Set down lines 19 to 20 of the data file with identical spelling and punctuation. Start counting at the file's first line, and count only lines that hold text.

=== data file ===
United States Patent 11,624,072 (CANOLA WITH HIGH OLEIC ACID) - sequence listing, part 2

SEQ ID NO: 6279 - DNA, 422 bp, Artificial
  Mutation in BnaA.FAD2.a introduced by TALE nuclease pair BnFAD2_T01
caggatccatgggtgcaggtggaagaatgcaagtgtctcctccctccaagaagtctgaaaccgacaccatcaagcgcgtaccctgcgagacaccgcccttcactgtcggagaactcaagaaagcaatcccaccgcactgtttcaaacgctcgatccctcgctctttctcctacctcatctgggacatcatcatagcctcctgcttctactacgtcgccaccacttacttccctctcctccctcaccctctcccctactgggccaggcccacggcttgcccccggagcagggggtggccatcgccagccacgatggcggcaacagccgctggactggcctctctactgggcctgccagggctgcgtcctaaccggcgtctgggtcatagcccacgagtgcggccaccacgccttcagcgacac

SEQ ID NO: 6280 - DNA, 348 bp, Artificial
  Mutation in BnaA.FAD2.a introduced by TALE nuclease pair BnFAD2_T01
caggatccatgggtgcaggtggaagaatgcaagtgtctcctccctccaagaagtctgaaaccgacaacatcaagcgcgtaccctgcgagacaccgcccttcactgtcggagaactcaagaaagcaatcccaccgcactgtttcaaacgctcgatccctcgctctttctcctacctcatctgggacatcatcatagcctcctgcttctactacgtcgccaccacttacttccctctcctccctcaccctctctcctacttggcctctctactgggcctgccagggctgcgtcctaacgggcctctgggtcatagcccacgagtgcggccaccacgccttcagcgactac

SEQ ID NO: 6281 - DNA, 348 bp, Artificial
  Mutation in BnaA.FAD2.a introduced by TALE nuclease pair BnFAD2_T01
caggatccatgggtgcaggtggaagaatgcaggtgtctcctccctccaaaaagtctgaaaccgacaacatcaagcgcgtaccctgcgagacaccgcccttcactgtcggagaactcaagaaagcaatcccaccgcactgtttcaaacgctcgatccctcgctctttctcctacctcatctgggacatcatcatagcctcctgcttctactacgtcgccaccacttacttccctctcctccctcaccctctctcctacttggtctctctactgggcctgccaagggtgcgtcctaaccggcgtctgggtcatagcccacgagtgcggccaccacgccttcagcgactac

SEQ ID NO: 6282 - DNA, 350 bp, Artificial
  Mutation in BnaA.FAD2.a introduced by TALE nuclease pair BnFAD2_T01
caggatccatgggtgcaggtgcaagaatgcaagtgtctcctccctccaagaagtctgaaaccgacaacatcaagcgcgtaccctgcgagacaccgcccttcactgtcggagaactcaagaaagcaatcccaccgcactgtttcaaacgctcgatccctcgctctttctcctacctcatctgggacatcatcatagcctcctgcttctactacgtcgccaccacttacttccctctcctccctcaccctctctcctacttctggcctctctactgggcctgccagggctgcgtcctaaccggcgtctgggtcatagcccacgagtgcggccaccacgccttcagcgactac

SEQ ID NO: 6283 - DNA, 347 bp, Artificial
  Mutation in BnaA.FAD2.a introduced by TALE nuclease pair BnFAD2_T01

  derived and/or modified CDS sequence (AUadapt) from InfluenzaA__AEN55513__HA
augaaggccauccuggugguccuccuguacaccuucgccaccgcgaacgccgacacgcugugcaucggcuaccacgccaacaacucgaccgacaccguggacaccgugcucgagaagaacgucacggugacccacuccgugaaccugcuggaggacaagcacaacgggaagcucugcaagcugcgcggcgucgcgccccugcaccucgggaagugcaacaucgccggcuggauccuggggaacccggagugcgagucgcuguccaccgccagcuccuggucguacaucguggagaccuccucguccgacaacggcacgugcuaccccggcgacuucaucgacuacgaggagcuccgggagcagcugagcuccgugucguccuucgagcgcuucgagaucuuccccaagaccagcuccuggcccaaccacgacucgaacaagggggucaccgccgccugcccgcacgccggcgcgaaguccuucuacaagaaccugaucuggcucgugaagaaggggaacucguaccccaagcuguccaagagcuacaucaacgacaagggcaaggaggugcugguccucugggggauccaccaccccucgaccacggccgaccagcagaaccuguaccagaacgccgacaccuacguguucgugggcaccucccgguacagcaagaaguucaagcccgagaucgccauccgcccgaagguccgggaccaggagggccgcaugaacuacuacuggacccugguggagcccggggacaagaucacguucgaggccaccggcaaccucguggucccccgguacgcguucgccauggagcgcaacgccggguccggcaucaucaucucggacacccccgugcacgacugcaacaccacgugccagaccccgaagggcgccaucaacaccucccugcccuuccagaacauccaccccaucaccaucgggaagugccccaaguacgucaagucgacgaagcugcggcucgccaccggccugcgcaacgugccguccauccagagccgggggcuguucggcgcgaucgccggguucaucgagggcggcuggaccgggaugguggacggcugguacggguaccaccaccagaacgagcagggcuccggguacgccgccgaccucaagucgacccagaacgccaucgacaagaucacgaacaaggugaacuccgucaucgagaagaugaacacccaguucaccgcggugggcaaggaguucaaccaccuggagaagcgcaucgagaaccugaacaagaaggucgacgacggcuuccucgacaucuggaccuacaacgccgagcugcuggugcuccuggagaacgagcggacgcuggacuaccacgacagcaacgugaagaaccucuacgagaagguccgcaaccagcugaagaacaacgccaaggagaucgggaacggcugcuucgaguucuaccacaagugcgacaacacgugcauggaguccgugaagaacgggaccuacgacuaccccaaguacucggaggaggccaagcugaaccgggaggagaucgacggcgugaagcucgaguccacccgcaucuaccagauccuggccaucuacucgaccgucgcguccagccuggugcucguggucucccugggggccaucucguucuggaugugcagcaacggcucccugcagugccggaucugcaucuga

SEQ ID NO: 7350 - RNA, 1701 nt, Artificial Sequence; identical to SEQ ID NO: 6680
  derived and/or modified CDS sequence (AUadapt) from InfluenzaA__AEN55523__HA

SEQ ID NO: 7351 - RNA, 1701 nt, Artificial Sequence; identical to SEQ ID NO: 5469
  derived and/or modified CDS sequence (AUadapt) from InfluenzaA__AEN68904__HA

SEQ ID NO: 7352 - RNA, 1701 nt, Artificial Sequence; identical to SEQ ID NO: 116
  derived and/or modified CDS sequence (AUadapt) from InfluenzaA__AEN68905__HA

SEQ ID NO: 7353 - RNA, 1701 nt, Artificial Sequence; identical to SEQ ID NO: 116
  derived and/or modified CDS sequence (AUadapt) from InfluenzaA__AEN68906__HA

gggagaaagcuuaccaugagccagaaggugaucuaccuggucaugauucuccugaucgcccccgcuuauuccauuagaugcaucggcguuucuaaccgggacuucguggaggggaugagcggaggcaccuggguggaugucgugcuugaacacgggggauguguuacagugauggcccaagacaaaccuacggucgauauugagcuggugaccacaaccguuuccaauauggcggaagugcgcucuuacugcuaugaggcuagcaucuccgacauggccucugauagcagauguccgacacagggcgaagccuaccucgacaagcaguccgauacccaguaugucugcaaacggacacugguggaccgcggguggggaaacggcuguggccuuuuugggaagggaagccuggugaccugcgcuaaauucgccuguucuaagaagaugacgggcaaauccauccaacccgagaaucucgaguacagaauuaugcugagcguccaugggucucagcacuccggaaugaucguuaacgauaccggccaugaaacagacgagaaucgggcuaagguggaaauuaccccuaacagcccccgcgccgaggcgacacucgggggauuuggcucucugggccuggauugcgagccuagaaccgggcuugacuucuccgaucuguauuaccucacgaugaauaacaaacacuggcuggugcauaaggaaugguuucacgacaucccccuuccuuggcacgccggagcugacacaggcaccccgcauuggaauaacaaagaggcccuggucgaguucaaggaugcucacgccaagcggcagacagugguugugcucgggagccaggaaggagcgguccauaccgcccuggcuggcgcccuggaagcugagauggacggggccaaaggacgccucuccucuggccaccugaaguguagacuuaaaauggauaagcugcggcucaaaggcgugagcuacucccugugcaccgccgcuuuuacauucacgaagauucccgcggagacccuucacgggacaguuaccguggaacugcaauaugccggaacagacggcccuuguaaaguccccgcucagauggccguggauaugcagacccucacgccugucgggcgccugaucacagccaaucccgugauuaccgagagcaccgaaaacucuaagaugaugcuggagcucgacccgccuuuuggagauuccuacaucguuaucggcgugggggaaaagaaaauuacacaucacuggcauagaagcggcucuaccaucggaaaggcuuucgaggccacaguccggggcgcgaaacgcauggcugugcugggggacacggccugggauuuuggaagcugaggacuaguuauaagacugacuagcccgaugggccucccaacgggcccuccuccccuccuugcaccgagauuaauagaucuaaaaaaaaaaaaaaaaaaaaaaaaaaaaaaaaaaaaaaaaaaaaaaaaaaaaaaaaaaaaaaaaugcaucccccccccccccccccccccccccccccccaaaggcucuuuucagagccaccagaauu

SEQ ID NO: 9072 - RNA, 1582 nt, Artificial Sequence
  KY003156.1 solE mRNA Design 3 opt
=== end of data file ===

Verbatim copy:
  derived and/or modified CDS sequence (AUadapt) from InfluenzaA__AEN55523__HA

SEQ ID NO: 7351 - RNA, 1701 nt, Artificial Sequence; identical to SEQ ID NO: 5469